Is it only my garden? The coneflowers procrastinating, sedum pouting, peonies trying to pack up and move.
I’ve shown them the lovin’ and yet it persists. There is more harrumphing than growing going on out there. All I can say is, shade happens.
Lack of flowers, stunted growth, long leggy stems, or stretching towards the sun can all be symptoms of a plant not getting enough sun.
You want your plants to thrive so selecting plants that match the existing growing conditions is essential. The tricky part is anticipating changes to those growing conditions, particularly with regards to light.
Shade provided by buildings and fences is predictable and not going change. It’s the shade provided by trees that can blindside you.
Many years ago, that tree may have been a mere stick. Whatever the cultivar, it has an expected mature size. Hard to imagine that stick creating shade of any substance, but one can imagine. The things one can’t account for are overreaching branches, a growth spurt triggered by overzealous pruning, or a cultivar that reverts back to the species.
What to do when shade creeps into a formerly sunny bed?
A good thinning and opening up of the tree canopy by a certified arborist is a first step. This will open up the canopy and allow light to pass through it to the ailing plants in its shadows.
Thinning is good, but it may be that there is one branch that is the source of the problem. Or perhaps the whole tree has gotten lopsided and branch-heavy on one side. A proper pruning can benefit the tree as well as the plants ailing in its shadows. Done every few years or so, this kind of pruning is good for the tree’s health.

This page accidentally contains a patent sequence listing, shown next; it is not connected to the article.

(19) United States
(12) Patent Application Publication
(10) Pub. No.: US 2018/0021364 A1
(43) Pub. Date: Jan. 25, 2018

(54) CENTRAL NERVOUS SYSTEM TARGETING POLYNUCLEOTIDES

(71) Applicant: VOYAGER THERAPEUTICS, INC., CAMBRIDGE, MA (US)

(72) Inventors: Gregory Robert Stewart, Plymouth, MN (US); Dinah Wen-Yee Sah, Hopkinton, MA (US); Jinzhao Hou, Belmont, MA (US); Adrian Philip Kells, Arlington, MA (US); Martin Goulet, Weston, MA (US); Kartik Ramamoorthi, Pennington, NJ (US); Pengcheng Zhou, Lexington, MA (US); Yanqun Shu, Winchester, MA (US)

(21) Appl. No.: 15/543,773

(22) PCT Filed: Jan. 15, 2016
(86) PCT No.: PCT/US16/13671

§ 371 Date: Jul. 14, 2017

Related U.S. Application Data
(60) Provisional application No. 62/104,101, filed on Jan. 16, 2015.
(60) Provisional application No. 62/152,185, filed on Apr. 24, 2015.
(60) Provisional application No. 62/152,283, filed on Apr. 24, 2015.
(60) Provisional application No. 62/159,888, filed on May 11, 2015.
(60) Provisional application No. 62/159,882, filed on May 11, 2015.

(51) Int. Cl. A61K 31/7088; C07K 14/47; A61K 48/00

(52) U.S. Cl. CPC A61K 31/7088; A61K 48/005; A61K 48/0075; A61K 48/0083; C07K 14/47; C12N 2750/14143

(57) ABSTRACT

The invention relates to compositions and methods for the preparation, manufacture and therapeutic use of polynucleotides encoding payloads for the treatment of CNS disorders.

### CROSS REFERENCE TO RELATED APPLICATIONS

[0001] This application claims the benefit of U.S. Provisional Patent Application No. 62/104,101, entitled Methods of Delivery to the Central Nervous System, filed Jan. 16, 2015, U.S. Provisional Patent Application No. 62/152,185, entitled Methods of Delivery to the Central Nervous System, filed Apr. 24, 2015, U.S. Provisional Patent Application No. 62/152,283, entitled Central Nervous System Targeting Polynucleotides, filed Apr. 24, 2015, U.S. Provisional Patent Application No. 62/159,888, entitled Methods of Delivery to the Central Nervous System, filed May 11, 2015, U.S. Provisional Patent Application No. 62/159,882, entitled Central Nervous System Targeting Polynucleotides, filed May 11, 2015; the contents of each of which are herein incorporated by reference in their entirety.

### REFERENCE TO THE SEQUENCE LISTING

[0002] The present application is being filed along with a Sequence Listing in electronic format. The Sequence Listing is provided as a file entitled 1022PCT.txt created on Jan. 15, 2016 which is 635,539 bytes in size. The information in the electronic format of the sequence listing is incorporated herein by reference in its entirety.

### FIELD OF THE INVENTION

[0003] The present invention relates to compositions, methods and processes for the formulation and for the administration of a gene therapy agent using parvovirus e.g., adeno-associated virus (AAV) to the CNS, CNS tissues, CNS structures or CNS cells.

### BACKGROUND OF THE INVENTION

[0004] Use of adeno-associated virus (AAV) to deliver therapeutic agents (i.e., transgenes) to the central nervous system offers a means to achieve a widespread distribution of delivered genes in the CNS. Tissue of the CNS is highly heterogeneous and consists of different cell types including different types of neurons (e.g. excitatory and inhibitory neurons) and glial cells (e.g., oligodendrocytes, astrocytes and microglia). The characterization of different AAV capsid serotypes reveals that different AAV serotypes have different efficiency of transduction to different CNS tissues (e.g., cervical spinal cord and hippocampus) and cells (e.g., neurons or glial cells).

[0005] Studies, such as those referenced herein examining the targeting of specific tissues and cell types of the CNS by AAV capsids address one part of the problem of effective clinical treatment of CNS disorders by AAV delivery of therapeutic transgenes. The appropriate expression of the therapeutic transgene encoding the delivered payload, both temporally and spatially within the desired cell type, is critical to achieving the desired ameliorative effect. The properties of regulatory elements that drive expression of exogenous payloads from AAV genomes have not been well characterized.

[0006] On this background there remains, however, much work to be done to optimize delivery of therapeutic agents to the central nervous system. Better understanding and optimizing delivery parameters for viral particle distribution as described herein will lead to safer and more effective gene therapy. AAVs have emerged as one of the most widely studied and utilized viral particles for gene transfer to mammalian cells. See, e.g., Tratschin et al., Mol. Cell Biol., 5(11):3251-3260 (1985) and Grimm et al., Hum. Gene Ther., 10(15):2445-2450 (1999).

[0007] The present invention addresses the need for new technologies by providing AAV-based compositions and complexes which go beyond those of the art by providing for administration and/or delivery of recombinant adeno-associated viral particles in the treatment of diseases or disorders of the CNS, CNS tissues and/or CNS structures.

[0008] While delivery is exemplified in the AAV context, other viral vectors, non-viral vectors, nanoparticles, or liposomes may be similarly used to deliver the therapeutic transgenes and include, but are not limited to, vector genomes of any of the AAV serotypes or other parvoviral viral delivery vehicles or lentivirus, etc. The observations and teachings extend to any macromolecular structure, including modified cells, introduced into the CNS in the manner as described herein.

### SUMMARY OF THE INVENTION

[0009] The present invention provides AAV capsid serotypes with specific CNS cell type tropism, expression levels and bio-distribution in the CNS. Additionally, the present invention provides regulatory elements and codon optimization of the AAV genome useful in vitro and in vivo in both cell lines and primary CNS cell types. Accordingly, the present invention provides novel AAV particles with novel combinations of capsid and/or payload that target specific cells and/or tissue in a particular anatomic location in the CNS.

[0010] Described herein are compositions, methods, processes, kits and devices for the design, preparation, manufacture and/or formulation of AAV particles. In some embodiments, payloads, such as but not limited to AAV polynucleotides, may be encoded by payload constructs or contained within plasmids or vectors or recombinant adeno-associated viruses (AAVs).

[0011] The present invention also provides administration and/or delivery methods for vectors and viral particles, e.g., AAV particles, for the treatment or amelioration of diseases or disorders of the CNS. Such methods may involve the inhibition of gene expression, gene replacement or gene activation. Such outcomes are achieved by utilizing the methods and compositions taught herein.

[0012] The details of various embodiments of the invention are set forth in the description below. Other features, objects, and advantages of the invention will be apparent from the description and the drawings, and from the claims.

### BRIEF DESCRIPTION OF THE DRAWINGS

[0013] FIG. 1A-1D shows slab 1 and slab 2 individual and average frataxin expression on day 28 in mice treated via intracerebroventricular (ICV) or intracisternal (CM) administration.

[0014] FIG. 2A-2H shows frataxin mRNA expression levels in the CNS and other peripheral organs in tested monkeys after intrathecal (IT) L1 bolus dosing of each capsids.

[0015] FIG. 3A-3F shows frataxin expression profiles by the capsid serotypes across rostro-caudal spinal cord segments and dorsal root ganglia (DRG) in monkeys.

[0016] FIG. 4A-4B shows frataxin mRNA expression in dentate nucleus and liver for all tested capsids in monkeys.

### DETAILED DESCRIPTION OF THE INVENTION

Aim to have the tree thinned out rather than the top lopped off. Topping the tree will definitely solve the shade problem — but only temporarily, and will in fact make the problem worse.
Pruning of any sort actually stimulates growth. Thinning a tree helps guide its growth. Topping a tree unleashes growth. The tree will send out multiple shoots from the topped branches. Goodbye sun, hello misshapen tree that may never fully recover.
If thinning or careful limb removal doesn’t solve the problem, then it’s time to accept that the growing conditions have changed, and moving sun-loving plants out of the shade is the best for all.